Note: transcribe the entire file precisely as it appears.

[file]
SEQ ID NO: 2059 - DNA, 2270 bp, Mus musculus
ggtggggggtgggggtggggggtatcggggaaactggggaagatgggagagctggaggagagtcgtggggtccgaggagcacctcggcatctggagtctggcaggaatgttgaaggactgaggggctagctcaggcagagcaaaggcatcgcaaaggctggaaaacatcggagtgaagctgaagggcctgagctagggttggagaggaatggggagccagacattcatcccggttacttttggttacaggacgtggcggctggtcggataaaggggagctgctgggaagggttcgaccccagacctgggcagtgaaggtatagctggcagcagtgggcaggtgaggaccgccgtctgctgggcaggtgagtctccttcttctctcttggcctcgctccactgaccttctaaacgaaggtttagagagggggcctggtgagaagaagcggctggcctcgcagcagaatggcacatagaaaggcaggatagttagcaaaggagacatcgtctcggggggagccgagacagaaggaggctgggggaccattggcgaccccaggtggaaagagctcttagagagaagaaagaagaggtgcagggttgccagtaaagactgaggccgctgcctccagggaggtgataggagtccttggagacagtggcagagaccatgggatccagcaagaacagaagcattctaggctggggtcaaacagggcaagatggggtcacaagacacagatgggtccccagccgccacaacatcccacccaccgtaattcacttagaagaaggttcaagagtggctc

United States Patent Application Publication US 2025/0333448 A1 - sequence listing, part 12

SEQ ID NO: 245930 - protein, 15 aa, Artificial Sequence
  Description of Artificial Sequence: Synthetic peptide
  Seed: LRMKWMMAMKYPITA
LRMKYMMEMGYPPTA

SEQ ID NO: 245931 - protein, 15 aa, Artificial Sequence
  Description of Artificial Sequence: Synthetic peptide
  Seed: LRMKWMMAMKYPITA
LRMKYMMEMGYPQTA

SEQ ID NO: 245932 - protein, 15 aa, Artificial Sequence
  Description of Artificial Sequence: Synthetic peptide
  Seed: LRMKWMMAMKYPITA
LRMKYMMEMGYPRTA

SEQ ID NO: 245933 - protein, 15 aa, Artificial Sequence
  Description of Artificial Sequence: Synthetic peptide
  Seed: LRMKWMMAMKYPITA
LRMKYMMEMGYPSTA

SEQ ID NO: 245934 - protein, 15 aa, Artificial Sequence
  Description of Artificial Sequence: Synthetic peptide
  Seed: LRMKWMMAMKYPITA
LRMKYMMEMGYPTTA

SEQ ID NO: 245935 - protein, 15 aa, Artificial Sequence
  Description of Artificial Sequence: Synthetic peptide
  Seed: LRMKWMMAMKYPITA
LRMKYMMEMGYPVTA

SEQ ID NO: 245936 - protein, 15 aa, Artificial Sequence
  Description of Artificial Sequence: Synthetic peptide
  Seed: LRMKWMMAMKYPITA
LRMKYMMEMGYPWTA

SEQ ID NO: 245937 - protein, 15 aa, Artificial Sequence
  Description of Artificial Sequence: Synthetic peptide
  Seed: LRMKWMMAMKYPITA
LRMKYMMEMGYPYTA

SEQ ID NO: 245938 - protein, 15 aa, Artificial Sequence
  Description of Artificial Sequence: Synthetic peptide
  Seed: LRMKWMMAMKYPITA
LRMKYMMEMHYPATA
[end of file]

SEQ ID NO: 2059 - DNA, 2270 bp, Mus musculus
ggtggggggtgggggtggggggtatcggggaaactggggaagatgggagagctggaggagagtcgtggggtccgaggagcacctcggcatctggagtctggcaggaatgttgaaggactgaggggctagctcaggcagagcaaaggcatcgcaaaggctggaaaacatcggagtgaagctgaagggcctgagctagggttggagaggaatggggagccagacattcatcccggttacttttggttacaggacgtggcggctggtcggataaaggggagctgctgggaagggttcgaccccagacctgggcagtgaaggtatagctggcagcagtgggcaggtgaggaccgccgtctgctgggcaggtgagtctccttcttctctcttggcctcgctccactgaccttctaaacgaaggtttagagagggggcctggtgagaagaagcggctggcctcgcagcagaatggcacatagaaaggcaggatagttagcaaaggagacatcgtctcggggggagccgagacagaaggaggctgggggaccattggcgaccccaggtggaaagagctcttagagagaagaaagaagaggtgcagggttgccagtaaagactgaggccgctgcctccagggaggtgataggagtccttggagacagtggcagagaccatgggatccagcaagaacagaagcattctaggctggggtcaaacagggcaagatggggtcacaagacacagatgggtccccagccgccacaacatcccacccaccgtaattcacttagaagaaggttcaagagtggctc

United States Patent Application Publication US 2025/0333448 A1 - sequence listing, part 12

SEQ ID NO: 245930 - protein, 15 aa, Artificial Sequence
  Description of Artificial Sequence: Synthetic peptide
  Seed: LRMKWMMAMKYPITA
LRMKYMMEMGYPPTA

SEQ ID NO: 245931 - protein, 15 aa, Artificial Sequence
  Description of Artificial Sequence: Synthetic peptide
  Seed: LRMKWMMAMKYPITA
LRMKYMMEMGYPQTA

SEQ ID NO: 245932 - protein, 15 aa, Artificial Sequence
  Description of Artificial Sequence: Synthetic peptide
  Seed: LRMKWMMAMKYPITA
LRMKYMMEMGYPRTA

SEQ ID NO: 245933 - protein, 15 aa, Artificial Sequence
  Description of Artificial Sequence: Synthetic peptide
  Seed: LRMKWMMAMKYPITA
LRMKYMMEMGYPSTA

SEQ ID NO: 245934 - protein, 15 aa, Artificial Sequence
  Description of Artificial Sequence: Synthetic peptide
  Seed: LRMKWMMAMKYPITA
LRMKYMMEMGYPTTA

SEQ ID NO: 245935 - protein, 15 aa, Artificial Sequence
  Description of Artificial Sequence: Synthetic peptide
  Seed: LRMKWMMAMKYPITA
LRMKYMMEMGYPVTA

SEQ ID NO: 245936 - protein, 15 aa, Artificial Sequence
  Description of Artificial Sequence: Synthetic peptide
  Seed: LRMKWMMAMKYPITA
LRMKYMMEMGYPWTA

SEQ ID NO: 245937 - protein, 15 aa, Artificial Sequence
  Description of Artificial Sequence: Synthetic peptide
  Seed: LRMKWMMAMKYPITA
LRMKYMMEMGYPYTA

SEQ ID NO: 245938 - protein, 15 aa, Artificial Sequence
  Description of Artificial Sequence: Synthetic peptide
  Seed: LRMKWMMAMKYPITA
LRMKYMMEMHYPATA